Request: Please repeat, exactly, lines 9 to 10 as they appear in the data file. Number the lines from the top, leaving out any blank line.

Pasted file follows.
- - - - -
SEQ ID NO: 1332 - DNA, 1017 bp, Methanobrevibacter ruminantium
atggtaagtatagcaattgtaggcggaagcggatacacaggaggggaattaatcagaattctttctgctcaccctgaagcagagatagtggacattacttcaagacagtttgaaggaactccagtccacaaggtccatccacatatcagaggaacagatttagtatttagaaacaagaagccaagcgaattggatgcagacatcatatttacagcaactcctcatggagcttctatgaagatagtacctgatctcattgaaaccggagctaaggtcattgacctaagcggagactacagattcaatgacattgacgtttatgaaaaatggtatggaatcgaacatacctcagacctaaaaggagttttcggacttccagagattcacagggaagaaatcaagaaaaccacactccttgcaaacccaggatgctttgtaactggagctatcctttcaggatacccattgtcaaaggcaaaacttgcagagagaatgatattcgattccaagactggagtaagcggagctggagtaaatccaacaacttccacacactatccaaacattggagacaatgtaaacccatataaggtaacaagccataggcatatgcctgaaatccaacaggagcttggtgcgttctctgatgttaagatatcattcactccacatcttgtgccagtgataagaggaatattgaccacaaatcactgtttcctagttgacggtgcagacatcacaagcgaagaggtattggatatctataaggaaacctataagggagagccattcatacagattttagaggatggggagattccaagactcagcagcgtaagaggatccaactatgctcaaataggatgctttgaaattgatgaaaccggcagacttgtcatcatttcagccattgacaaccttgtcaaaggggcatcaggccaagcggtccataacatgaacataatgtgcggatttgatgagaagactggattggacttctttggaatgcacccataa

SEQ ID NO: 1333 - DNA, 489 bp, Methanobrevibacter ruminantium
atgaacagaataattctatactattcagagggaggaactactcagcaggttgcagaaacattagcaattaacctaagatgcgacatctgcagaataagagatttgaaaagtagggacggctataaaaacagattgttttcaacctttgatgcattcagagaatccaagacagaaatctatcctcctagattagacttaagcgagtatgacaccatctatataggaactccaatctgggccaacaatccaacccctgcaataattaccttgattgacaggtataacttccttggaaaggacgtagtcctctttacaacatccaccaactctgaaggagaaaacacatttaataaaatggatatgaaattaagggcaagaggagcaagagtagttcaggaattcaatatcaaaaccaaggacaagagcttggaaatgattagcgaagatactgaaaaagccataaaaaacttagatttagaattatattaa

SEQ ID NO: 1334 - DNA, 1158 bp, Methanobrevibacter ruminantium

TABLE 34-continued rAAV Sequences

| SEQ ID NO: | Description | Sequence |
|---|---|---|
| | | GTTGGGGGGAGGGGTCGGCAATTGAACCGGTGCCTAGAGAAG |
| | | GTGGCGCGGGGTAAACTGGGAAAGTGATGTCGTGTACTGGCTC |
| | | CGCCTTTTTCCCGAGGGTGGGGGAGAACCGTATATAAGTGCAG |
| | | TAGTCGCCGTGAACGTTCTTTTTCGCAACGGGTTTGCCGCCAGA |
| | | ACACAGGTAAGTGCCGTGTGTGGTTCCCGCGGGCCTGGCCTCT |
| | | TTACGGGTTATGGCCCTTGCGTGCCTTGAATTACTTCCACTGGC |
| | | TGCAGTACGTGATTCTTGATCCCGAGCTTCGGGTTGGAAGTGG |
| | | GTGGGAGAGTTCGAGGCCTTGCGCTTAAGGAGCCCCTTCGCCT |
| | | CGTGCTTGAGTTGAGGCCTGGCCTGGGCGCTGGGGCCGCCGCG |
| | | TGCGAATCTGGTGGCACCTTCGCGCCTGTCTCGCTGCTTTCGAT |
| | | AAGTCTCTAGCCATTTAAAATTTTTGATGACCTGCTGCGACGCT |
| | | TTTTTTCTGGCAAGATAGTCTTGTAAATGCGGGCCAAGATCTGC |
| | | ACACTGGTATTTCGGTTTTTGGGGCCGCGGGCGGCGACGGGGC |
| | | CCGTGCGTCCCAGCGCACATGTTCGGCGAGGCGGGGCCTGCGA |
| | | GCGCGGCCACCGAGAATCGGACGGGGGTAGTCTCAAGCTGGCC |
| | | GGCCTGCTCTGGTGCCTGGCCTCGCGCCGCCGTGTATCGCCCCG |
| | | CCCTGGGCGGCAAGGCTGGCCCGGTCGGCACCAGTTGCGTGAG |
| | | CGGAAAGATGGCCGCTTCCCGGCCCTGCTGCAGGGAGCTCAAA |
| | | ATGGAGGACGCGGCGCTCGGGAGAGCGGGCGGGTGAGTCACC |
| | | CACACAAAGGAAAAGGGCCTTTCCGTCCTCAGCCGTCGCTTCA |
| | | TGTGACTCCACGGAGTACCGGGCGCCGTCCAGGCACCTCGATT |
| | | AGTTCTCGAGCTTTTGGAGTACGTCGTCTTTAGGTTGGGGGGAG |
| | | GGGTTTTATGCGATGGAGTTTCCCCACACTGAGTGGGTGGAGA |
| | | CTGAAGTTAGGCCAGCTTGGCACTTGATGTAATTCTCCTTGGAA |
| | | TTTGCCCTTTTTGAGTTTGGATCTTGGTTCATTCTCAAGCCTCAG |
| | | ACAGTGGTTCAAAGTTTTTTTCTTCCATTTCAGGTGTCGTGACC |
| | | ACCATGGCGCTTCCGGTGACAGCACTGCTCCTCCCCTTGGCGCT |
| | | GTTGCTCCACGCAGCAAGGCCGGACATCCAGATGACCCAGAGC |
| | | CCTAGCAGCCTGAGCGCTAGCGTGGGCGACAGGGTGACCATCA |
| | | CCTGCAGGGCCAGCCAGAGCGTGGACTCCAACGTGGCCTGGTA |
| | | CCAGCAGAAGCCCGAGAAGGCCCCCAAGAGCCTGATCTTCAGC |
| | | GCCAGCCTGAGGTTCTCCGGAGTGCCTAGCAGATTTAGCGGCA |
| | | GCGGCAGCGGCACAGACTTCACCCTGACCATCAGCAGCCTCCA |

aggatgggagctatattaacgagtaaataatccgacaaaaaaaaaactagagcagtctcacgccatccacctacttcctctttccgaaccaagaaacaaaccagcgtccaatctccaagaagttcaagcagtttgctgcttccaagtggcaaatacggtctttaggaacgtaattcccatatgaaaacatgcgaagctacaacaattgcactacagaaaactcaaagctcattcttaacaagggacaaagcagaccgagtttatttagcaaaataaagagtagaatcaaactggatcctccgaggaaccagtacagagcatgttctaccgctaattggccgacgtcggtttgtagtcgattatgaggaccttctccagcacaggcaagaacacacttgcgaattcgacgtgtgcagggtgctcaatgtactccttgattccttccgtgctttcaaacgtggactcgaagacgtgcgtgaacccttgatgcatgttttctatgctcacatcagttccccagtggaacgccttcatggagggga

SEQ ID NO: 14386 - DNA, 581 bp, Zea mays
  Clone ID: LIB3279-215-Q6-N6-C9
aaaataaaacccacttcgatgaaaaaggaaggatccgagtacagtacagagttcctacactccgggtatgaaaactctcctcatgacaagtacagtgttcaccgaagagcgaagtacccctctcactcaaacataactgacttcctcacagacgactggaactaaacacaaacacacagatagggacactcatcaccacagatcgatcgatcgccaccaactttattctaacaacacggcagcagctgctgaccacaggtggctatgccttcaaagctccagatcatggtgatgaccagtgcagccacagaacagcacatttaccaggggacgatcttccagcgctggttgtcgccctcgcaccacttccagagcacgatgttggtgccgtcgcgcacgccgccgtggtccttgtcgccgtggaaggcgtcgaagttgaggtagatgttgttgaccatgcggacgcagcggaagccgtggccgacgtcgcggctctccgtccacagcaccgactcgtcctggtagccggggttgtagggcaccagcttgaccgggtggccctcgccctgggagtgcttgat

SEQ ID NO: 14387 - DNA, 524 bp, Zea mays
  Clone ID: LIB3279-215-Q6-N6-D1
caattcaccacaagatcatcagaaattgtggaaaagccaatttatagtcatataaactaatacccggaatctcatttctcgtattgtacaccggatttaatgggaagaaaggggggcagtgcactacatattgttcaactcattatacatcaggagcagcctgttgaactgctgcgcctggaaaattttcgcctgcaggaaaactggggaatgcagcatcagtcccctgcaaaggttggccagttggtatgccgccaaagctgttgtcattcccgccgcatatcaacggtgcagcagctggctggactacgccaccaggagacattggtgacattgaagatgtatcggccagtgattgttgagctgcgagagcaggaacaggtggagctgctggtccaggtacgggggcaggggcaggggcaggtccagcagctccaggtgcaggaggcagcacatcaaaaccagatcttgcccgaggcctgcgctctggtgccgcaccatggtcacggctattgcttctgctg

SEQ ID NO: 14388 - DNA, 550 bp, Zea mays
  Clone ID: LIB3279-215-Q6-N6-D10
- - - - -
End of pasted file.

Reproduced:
| | | GTTGGGGGGAGGGGTCGGCAATTGAACCGGTGCCTAGAGAAG |
| | | GTGGCGCGGGGTAAACTGGGAAAGTGATGTCGTGTACTGGCTC |